We conducted a cross-sectional, retrospective study based on the medical records of 190 patients treated for GCT at the Instituto de Ortopedia e Traumatologia of the University of São Paulo from 1975 to 1999. All patients were assessed for eligibility. 80 patients were initially excluded due to incomplete data or location in the axial skeleton; five patients were treated with a fibula graft, two had a simple curettage without cement, 11 had wide resection and reconstruction with prosthetic replacement, seven had wide resection without reconstruction, resulting in 85 patients that underwent intralesional resection + cement. Among these, 39 had a follow-up period of less than 10 years, resulting in a total of 46 cases that were included in this study. Inclusion and exclusion criteria are shown in Table 2.

Table 2 Inclusion and exclusion criteria. 

Inclusion criteria Exclusion criteria
Treatment by curettage, electrocauterization and cement; Incomplete records

Axial skeleton
Diagnosis of bone GCT confirmed by
preop biopsy AND after surgery;
> 10y of follow-up.

Clinical and pathologic data were obtained from hospital records and paraffin-embedded specimens. All patients underwent routine peripheral blood tests, radiographs, and biopsy, which was positive for GCT in all cases, and confirmed after surgery. All 46 cases were reviewed and confirmed by two pathologists (CRGCMO, RZF) with experience in musculoskeletal oncology. Data extracted from the charts included gender, age, anatomic location of the lesion, (Figure 1) Campanacci's bone destruction radiographic classification, Kellgren's arthrosis radiographic classification, distance of the cement to the articular surface in radiographs in millimeters, follow-up in years and MSTS functional score at the end of follow-up.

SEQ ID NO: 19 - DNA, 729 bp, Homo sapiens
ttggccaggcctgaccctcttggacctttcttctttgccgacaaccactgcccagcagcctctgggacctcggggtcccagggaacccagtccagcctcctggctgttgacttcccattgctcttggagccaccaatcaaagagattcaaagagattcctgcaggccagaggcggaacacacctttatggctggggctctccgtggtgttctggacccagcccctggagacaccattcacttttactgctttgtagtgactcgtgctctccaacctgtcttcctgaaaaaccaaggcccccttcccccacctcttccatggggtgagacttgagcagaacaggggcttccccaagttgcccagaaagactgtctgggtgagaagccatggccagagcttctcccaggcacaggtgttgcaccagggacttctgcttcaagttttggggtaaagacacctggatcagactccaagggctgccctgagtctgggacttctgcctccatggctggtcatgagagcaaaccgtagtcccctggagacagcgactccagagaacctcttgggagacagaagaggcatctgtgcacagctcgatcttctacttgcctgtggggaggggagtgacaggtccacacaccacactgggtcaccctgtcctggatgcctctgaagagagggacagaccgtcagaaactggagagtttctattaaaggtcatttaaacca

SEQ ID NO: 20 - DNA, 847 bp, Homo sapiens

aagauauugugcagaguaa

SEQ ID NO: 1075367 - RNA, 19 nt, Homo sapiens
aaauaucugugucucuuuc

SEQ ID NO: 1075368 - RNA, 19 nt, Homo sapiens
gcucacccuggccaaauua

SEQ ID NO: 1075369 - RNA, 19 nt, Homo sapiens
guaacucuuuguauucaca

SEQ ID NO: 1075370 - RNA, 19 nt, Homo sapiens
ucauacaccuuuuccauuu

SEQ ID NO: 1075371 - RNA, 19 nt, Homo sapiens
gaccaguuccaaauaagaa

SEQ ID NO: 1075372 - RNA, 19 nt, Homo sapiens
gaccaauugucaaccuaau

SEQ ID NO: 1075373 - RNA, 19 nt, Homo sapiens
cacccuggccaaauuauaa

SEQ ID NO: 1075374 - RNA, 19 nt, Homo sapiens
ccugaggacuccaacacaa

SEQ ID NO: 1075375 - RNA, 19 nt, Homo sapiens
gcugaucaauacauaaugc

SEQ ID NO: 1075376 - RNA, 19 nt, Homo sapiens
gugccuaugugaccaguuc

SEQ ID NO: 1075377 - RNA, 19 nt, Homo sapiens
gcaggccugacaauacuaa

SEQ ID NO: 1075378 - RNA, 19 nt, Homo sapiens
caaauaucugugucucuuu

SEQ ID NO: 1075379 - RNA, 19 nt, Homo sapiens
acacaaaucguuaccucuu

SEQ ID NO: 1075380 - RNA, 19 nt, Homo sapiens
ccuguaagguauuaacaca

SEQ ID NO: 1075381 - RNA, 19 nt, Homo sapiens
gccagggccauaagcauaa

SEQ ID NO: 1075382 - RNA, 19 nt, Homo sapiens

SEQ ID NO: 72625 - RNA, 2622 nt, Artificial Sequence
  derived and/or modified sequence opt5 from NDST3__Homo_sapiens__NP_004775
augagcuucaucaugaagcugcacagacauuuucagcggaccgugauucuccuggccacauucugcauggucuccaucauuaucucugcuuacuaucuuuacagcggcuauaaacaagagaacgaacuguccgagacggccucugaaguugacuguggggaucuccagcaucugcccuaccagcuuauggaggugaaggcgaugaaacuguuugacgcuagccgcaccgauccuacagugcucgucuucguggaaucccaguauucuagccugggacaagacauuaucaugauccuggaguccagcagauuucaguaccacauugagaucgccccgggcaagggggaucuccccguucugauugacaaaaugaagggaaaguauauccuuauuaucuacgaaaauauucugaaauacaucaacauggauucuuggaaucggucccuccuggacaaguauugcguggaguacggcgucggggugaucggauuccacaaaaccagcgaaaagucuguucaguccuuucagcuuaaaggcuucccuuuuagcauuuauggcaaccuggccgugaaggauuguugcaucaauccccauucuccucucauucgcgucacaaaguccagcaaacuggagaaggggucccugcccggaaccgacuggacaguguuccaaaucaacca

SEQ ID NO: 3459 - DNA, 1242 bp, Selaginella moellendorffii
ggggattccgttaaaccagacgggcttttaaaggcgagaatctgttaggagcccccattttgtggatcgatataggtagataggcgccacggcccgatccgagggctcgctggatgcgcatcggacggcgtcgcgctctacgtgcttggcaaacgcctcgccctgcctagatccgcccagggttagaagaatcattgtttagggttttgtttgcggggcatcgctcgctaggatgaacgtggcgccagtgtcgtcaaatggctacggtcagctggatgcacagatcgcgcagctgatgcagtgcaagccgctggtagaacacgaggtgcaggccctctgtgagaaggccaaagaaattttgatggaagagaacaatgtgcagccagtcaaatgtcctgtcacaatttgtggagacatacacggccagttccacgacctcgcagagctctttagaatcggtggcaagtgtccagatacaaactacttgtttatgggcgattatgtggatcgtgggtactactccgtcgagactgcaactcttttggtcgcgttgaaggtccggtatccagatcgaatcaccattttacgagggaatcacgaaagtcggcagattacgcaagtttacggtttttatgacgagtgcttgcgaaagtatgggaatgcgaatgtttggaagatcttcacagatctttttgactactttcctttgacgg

Figure 1 Anatomic location. 

All the preoperative radiographs were independently evaluated by two of the authors (AMB, AFFC), classifying the bone lesions according to Campanacci1 in three grades, as described above. The same authors independently evaluated the immediate postoperative radiographs to measure the distance of the cement to the subchondral bone, in millimeters. The most recent radiograph of the last follow-up of each patient was also independently evaluated by the same authors to assess the presence of radiographic arthrosis using the Kellgren-Lawrence classification:9 Grade 0 - normal; Grade I: unlikely narrowing of the joint space, doubtful osteophyte; Grade II: small osteophytes, possible narrowing of the joint; Grade III: multiple, moderately sized osteophytes, definite joint space narrowing, some sclerotic areas, possible deformation of bone ends; Grade IV: multiple large osteophytes, severe joint space narrowing, marked sclerosis and definite bony end deformity. (Table 3) The Kellgren-Lawrence (K-L) classification is the most universally accepted method of classification of radiographic osteoarthritis.10 We decided to separate two groups (K-L < II or I and K-L ≥ II) to distinguish significant arthrosis. The MSTS score for each patient was obtained on the last follow-up visit.